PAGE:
Minium (pigment)

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Minium, also known as red lead, is a bright orange red pigment that was widely used in the Middle Ages for the decoration of manuscripts and for painting. It was made by roasting white lead pigment in the air; the white lead would gradually turn yellow, then into an orange lead tetroxide. The color varied depending upon how long the mineral was roasted.[1]

During the Roman Empire, the term minium could refer either to the pigment made from ground cinnabar or to the less expensive red lead. The name came from the river Minius in Iberia (now forming part of the Spanish-Portuguese border and known as Miño or Minho), located near the main Roman cinnabar mines. Pliny the Elder referred to it as flammeus, or flame color. The minium of red lead was easy to make and less expensive than the pigment made from the mineral cinnabar, and it was bright and cheerful, so it became the most commonly used bright red in Medieval painting until the introduction of vermilion.[2]

The color was used in particular for the paragraph signs, versals, capitals, and headings which were colored red in Medieval manuscripts.[3] The Latin verb for this kind of work was miniare, to apply minium, and a person who did this was known as a miniator. These medieval artists also made small illustrations and decorative drawings in the manuscripts, which became known as miniatures, the source of the English word for small works of art.[4]

There was (and is) considerable confusion among the names of ancient and medieval pigments. As noted above, the term minium was used for cinnabar, vermilion, and for red lead. Minium of red lead was sometimes called stupium in classical Latin, adding to the confusion.[5]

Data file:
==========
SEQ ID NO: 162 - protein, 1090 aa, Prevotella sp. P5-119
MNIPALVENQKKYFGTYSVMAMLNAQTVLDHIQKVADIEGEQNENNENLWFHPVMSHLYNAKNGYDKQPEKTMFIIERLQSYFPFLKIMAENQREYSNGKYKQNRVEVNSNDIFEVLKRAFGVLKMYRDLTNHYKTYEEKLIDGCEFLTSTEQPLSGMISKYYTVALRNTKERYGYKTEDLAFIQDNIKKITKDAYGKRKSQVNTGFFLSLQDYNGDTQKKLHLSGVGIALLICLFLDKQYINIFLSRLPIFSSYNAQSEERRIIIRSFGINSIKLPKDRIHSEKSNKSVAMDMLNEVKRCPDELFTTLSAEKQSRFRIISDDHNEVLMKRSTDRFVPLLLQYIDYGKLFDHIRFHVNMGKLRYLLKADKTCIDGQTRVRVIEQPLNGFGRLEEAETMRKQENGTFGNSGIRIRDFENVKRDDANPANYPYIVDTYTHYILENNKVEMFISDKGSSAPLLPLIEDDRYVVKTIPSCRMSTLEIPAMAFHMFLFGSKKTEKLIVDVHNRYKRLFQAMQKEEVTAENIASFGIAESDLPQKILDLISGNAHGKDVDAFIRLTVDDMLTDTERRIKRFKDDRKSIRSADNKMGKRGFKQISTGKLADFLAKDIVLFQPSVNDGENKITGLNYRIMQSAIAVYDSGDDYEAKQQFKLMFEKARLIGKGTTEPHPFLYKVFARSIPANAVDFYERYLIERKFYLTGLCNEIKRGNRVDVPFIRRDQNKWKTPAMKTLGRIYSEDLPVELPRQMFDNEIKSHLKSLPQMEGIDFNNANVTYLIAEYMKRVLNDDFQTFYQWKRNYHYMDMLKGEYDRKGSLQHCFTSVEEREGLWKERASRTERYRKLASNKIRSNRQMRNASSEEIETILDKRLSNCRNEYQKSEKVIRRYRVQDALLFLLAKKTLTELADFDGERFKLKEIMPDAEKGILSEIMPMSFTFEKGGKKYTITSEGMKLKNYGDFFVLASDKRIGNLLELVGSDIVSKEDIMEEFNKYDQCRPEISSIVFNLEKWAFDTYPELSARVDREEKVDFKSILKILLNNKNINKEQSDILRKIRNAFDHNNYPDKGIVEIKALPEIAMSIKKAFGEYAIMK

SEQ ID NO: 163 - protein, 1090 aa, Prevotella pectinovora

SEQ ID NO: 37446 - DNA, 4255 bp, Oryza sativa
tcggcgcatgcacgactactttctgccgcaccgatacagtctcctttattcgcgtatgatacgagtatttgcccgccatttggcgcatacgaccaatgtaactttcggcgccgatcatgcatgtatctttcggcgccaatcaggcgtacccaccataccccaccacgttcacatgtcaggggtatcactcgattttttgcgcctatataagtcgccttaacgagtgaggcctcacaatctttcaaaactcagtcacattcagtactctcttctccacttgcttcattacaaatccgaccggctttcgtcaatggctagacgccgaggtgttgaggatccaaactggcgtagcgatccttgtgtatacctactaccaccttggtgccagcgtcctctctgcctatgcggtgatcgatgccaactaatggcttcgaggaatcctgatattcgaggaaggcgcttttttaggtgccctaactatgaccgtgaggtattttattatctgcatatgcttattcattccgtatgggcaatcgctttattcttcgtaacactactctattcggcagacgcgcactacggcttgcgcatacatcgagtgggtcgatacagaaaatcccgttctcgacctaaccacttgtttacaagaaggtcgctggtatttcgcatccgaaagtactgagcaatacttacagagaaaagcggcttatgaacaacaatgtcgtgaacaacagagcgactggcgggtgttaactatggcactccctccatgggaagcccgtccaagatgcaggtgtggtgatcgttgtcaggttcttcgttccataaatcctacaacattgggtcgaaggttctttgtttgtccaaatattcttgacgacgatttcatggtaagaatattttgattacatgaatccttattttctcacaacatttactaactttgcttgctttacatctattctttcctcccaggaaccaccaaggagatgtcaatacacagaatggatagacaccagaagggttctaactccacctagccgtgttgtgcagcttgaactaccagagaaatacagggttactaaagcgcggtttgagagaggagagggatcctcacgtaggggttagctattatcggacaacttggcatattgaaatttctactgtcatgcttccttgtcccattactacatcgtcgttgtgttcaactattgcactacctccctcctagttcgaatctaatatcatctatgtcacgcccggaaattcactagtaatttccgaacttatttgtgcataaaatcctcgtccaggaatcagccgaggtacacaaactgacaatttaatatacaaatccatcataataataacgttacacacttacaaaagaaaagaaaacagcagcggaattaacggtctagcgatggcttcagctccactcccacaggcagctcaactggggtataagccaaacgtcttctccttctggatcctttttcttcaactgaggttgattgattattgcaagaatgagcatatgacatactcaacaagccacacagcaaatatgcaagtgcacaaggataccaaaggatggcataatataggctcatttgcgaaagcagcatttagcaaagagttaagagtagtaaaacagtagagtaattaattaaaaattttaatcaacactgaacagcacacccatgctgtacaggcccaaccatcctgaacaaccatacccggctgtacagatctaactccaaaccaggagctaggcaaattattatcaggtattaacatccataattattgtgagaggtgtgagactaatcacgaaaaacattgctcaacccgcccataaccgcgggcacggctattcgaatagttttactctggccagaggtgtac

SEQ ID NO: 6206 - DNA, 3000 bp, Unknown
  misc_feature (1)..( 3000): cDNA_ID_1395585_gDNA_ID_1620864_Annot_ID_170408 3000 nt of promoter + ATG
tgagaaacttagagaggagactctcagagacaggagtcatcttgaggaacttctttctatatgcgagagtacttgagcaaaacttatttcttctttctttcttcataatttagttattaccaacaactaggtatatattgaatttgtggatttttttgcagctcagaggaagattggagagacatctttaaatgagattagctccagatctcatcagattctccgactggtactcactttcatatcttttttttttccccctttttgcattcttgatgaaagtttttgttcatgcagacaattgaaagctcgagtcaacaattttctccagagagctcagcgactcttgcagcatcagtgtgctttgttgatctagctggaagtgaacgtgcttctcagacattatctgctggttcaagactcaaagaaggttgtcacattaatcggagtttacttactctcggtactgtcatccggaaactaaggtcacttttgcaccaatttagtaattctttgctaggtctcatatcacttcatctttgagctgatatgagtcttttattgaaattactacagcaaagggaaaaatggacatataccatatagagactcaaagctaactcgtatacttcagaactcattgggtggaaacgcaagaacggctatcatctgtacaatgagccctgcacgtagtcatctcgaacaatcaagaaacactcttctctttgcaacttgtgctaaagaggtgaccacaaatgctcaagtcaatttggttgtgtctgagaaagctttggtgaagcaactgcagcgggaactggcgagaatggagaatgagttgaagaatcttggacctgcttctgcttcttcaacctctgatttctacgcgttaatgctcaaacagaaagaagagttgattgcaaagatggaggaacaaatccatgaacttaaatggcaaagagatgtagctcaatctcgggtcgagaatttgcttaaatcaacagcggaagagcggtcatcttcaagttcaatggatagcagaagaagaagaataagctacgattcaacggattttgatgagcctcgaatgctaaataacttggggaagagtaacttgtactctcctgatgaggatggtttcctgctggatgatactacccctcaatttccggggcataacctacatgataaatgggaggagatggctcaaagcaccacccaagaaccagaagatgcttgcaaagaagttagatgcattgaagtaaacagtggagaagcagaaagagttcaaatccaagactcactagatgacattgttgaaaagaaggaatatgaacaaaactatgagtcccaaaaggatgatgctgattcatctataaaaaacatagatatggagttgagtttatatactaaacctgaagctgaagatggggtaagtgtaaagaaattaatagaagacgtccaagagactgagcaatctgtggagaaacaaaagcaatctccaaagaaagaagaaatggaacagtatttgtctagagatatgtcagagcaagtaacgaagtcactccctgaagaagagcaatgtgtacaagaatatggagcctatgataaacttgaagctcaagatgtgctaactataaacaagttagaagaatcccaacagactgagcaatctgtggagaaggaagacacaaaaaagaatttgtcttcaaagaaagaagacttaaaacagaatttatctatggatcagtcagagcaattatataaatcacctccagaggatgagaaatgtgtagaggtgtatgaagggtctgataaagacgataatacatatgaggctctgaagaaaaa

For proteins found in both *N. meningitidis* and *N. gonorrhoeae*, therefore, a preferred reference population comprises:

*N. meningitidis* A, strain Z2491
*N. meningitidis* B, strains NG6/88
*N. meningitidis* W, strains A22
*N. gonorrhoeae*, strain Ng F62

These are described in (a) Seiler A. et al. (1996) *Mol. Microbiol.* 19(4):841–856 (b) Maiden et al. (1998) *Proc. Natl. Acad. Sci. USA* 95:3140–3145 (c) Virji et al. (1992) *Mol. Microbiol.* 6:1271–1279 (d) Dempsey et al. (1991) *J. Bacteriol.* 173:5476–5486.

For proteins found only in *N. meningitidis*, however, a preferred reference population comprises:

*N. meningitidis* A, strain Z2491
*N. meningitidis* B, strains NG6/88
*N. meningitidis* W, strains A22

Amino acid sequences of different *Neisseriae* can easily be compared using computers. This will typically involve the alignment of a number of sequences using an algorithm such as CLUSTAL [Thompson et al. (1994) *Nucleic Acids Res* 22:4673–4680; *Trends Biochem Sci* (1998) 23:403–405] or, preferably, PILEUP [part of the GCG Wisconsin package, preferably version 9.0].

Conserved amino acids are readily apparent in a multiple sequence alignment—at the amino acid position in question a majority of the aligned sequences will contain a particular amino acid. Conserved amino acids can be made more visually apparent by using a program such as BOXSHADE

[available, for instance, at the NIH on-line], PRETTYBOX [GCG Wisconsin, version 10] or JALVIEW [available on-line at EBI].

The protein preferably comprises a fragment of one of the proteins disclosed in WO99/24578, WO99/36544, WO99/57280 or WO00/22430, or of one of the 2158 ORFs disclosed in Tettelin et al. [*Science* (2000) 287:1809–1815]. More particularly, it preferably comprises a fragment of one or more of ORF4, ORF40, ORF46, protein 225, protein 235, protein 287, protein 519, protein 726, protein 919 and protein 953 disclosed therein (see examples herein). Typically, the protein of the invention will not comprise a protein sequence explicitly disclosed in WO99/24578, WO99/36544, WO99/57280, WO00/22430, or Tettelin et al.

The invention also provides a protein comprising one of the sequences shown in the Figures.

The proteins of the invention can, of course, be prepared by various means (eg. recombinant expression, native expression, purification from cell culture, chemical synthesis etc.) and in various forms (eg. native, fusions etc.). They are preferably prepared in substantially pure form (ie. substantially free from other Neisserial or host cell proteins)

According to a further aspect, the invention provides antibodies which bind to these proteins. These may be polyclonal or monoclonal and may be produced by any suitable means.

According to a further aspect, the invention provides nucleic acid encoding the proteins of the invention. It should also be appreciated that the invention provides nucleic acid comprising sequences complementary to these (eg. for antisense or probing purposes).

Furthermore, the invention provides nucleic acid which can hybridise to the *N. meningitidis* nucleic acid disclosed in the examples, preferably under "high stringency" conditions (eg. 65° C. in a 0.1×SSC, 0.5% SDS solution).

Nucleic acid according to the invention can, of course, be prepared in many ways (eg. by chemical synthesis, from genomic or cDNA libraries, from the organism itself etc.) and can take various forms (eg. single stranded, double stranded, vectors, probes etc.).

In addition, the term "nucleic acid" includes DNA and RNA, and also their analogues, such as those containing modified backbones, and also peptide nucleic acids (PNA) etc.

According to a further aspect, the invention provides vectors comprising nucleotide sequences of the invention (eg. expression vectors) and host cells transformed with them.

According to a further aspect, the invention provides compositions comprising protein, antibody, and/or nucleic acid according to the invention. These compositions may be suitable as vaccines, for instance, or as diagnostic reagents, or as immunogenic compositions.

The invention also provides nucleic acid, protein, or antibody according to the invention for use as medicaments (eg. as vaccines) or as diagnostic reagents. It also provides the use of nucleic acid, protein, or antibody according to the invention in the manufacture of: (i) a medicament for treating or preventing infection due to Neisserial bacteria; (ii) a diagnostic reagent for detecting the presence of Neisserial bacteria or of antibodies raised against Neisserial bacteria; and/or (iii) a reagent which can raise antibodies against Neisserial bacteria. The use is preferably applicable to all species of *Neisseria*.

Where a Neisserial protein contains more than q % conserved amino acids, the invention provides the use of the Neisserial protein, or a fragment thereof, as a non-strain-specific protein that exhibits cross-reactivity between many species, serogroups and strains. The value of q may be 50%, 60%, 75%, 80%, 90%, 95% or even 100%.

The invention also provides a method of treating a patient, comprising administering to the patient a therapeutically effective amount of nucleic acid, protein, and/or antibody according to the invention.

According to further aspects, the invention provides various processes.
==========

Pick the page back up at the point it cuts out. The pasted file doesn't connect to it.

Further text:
Minium may have been manufactured in China as early as 300 B.C. It was known in the Han Dynasty (200 BC-200 AD) under the name "cinnabar of lead" (ch'ien tan), The process of manufacturing it was described in a Chinese manuscript of the 5th century. Minium was widely used for Persian miniature painting and Indian miniature painting.[6]


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Notes and citations[edit]

  1. ^ Daniel V. Thompson, The Materials and Techniques of Medieval Painting, pg. 100
  2. ^ Daniel Thompson,The Materials and Techniques of Medieval Painting, pg. 101
  3. ^ St. Clair, Kassia (2016). The Secret Lives of Colour. London: John Murray. p. 107-108. ISBN 9781473630819. OCLC 936144129.
  4. ^ Daniel Thompson, The Materials and Techniques of Medieval Painting, pg. 102
  5. ^ Daniel Thompson, The Materials and Techniques of Medieval Painting, pg. 102
  6. ^ Philip Ball (2001), Bright Earth - Art and the Invention of Colour, Hazan (French edition).